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Phedre by Jean Racine


Phedre by Jean Racine


“All I need is your silence to succeed.”
Silence implies consent…”

Phèdre by Jean Racine is what Lytton Strachey described as the “history of a spiritual crisis…the final catastrophic phases of a long series of events.”

Based on the play Hippolytus by the Greek playwright Euripides, Phèdre deals with love that violates social taboos.

Beautiful Phèdre falls in love with her stepson, Hippolytus, with tragic consequences.

After being accused of rape and rejected by his father, Hippolytus is killed by a sea-monster.

The story arc is classically defined: the crisis, the tragic hero, the wretched result: Phèdre commits suicide.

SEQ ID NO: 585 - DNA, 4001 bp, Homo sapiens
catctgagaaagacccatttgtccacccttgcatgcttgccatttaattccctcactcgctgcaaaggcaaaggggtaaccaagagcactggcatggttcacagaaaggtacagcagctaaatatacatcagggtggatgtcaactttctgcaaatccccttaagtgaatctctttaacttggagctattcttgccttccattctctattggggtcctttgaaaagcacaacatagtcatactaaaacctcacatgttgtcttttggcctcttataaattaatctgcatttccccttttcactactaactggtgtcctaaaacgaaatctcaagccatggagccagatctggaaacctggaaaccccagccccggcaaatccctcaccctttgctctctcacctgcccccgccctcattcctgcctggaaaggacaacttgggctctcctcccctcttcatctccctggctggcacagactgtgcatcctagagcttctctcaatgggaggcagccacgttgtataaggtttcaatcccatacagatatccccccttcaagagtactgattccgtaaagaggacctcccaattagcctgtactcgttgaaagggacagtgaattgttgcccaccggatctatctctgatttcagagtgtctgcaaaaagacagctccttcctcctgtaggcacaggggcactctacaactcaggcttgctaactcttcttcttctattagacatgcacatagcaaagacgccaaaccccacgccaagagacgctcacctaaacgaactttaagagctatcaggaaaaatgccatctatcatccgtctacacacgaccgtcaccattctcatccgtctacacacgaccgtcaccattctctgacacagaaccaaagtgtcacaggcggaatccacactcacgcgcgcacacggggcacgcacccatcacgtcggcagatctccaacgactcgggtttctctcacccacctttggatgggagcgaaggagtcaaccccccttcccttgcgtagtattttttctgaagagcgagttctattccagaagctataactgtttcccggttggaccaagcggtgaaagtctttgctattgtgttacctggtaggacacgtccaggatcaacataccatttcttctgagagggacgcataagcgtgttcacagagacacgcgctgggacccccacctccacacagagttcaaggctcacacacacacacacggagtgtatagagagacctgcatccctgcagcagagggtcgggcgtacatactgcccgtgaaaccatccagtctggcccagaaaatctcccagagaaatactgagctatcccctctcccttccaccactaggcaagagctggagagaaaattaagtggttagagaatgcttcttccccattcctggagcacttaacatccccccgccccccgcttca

JEAN RACINE (1639-1699) was born at La Ferté Milon, sixty miles east of Paris. Orphaned at an early age, he was educated at the Little Schools of Port Royal and the pro-Jansenist College of Beauvais. He soon reacted against his ascetic tutors and by 1660 had begun to write for the theater and been introduced to the court of Louis XIV. In 1677, when he had ten plays to his credit and was high in favor with both the court and the public, he abandoned the theatre and joined the Establishment as Royal Historiographer.


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